Linked List: April 2006

How Mac OS X Implements Password Authentication 

Dave Dribin’s excellent analysis of how Mac OS X stores user account passwords on disk. In short: quite poorly up through 10.2, better in 10.3, and pretty well as of 10.4 — but not as well as OpenBSD does. See also his previous coverage.

(Via Rentzsch’s bookmarks.)

Sandbox 2.0 

New version of Michael Watson’s GUI utility for managing Mac OS X 10.4’s access control lists.

Daniel Jalkut on Apple’s Price-Paid-to-Satisfaction Ratio 

Daniel Jalkut, who is disappointed in the noise defects of his $2000 MacBook Pro and $2500 Power Mac, but pleased as pie with his two iPods:

Seems the more money I give Apple, the less satisfied I am. The two most expensive products listed above are the two that have caused me the most grief. Shouldn’t Apple be making customers of its $2500 products as giddy as customers of its $200 ones?

I have to say, the only Apple product I’ve purchased in recent years which I consider nearly perfect is my $99 iPod Shuffle.

Observations of Parallels Beta 5 

Intriguing technical analysis of how Parallels Workstation works on Mac OS X. (Via John Siracusa via AIM.)

Steve Jobs Says He Doesn’t Want Management Role at Disney 

The Associated Press:

Apple CEO Steve Jobs said Thursday he had no interest in becoming an executive at The Walt Disney Co., which will soon complete its acquisition of Jobs’ other company, Pixar Animation Studios.

In fact, Jobs told shareholders he plans to spend more time at Apple after he relinquishes his chief executive job at Pixar when the studio’s merger with Disney closes in two weeks.

(Via Kottke.)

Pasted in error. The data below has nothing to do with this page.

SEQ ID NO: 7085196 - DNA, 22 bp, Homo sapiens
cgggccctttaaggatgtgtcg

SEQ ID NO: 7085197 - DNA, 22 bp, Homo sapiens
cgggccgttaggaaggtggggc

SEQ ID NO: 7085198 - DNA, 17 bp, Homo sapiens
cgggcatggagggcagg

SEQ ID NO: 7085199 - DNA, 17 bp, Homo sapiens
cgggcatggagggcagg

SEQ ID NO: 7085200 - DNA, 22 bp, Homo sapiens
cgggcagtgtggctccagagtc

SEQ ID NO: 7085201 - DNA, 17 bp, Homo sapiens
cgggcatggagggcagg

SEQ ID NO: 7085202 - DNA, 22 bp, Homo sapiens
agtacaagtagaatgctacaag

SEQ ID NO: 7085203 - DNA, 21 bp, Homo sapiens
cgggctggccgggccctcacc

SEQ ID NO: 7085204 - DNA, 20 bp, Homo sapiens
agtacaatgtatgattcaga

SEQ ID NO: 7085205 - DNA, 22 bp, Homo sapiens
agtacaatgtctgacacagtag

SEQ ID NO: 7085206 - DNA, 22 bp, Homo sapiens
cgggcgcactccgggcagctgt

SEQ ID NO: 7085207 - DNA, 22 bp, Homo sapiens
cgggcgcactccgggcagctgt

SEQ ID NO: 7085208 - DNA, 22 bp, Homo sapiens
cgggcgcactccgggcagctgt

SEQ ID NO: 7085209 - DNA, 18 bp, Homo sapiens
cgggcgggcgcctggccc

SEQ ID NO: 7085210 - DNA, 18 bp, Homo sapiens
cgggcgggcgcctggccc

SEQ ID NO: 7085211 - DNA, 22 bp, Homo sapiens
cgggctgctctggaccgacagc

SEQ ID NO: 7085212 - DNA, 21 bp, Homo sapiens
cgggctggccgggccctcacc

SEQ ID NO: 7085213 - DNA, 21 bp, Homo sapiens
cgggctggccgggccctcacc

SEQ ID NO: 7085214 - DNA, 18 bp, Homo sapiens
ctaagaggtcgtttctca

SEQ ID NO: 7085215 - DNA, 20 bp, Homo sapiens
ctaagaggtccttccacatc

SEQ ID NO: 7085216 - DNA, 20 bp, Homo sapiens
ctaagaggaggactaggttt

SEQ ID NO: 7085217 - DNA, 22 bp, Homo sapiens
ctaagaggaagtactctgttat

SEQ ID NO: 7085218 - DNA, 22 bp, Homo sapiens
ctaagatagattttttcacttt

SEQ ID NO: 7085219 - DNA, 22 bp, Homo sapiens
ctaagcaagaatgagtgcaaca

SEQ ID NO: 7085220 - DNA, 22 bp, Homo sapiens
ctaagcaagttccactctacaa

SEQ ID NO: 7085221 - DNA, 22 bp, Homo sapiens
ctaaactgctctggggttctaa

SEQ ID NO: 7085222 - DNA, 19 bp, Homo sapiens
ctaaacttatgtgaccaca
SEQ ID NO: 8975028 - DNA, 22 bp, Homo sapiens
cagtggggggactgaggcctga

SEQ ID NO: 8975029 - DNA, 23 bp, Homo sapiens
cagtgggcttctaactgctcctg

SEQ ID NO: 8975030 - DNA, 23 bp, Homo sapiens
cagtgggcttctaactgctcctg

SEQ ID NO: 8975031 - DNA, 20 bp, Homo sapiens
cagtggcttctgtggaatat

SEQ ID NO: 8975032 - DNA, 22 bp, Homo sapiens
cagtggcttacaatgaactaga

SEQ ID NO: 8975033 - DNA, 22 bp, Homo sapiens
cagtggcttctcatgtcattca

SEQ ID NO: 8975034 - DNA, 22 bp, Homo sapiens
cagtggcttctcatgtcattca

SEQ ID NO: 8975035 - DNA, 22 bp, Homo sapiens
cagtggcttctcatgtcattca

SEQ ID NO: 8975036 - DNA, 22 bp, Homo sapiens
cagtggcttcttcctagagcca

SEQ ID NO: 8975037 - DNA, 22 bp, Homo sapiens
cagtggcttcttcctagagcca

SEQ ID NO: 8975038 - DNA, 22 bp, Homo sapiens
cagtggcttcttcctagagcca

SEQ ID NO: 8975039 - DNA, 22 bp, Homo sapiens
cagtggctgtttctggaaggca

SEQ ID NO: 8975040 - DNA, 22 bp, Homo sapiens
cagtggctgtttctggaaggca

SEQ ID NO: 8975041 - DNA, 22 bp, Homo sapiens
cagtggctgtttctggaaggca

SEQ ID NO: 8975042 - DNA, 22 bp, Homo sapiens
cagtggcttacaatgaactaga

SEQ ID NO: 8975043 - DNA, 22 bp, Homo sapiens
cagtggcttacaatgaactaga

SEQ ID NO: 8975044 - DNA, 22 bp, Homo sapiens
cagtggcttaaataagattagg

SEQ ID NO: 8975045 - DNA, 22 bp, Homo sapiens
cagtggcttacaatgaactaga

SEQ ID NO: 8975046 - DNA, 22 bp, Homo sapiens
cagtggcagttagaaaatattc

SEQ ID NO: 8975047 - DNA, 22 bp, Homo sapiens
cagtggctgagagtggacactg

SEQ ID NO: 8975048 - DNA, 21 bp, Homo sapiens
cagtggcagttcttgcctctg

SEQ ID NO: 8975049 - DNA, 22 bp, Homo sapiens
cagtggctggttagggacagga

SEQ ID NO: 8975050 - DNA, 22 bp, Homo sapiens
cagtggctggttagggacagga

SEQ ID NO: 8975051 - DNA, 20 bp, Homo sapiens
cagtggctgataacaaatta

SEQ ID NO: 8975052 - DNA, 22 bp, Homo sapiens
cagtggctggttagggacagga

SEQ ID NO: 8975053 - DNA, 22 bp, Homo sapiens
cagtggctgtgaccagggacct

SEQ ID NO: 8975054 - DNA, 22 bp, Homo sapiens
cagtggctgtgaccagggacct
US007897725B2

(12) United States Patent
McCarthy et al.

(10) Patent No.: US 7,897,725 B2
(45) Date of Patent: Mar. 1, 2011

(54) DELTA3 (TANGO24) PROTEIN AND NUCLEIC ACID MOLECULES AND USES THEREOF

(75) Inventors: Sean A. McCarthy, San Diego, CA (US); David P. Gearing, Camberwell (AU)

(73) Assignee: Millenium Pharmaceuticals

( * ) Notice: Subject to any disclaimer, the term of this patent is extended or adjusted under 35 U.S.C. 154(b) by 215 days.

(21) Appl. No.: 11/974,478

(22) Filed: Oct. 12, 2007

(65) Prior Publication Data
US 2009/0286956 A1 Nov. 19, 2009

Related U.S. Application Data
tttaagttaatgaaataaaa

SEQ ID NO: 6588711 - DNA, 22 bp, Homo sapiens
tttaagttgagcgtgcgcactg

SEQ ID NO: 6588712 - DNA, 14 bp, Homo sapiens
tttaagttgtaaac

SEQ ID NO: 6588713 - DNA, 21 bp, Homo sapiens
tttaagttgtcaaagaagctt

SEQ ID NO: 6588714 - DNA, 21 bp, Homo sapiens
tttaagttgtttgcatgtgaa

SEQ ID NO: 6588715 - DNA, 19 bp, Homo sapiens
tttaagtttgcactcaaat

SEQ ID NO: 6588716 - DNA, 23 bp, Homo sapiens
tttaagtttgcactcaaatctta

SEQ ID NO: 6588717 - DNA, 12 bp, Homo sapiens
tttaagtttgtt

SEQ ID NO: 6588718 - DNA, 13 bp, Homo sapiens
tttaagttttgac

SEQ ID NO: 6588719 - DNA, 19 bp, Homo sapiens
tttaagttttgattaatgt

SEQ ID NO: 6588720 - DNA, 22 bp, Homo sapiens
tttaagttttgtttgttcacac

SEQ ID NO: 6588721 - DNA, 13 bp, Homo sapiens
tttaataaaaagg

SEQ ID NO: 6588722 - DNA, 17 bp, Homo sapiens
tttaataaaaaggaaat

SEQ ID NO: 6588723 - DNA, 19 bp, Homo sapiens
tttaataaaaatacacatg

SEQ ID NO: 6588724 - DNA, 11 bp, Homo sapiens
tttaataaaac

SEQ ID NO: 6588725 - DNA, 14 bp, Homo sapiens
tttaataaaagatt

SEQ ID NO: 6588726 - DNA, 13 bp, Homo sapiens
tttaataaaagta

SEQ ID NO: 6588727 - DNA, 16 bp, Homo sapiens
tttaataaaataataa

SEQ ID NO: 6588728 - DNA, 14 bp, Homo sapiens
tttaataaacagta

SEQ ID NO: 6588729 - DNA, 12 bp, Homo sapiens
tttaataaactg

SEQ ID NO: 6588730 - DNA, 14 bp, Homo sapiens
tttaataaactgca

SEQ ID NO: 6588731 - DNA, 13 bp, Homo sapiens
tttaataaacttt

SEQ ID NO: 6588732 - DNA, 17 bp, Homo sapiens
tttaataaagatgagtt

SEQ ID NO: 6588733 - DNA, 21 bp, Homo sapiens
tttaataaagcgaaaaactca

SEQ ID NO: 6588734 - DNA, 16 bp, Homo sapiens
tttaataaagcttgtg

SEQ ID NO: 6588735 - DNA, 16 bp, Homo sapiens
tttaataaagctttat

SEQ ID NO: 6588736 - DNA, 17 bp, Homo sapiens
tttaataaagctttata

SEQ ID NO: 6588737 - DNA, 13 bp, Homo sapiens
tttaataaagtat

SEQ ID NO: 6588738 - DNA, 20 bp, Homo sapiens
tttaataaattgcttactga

The Ultimate Commenting Experience 

Anil Dash:

Based on extensive observation in the nearly 7 years that I’ve been blogging, here is how men actually submit comments to a site.

BitTorrent, YouTube, and Google Video 

Good observation by Kottke: YouTube and Google Video have quickly taken over the market for distribution of viral short videos, mainly because they’re much more convenient, both for uploaders and downloaders.

Nintendo Names Next-Generation Console ‘Wii’ 

Pronounced “wee”. And you thought “MacBook Pro” was a goofy name?

Steven Frank:: Updating the Treo 700w in 13 Easy Steps 

This is why people are desperate for Apple to make a phone.

Using Flat Files Instead of Databases 

Tim O’Reilly reports on web developers using flat files instead of proper databases for storage. I’m a big believer in using simple flat files unless you actually need a database. E.g. the way the Daring Fireball home page contains posts from two different weblog streams, interspersed chronologically — that’s assembled on-the-fly based on text files on disk, and typically takes less than one-hundredth of a second. (Via Tim Bray, another flat-file fan.)

1.0: Most Startups Fail 

Nice essay from Rands on shipping a 1.0 product:

In thinking about the difficulties of 1.0, I realized that Maslow’s [Hierarchy of Needs] model fundamentally applied to shipping the first version of a product. There’s a hierarchy that defines what you need to build in order to ship 1.0 and it sort of looks like this.

ZFS on Mac OS X 

Sun’s Eric Kustarz, on the ZFS-Discuss mailing list:

Chris Emura, the Filesystem Development Manager within Apple’s CoreOS organization is interested in porting ZFS to OS X. […]

Speaking for the zfs team (at Sun), this is great news and we fully support the effort.

(Via John Siracusa.)

Interarchy 8.0.1 

Bug-fix update to my favorite file transfer app.

iWork Update 

Apple released Pages 2.0.1 and Keynote 3.0.1; looks like both are mainly related to chart-rendering fixes.

LaunchBar 4.1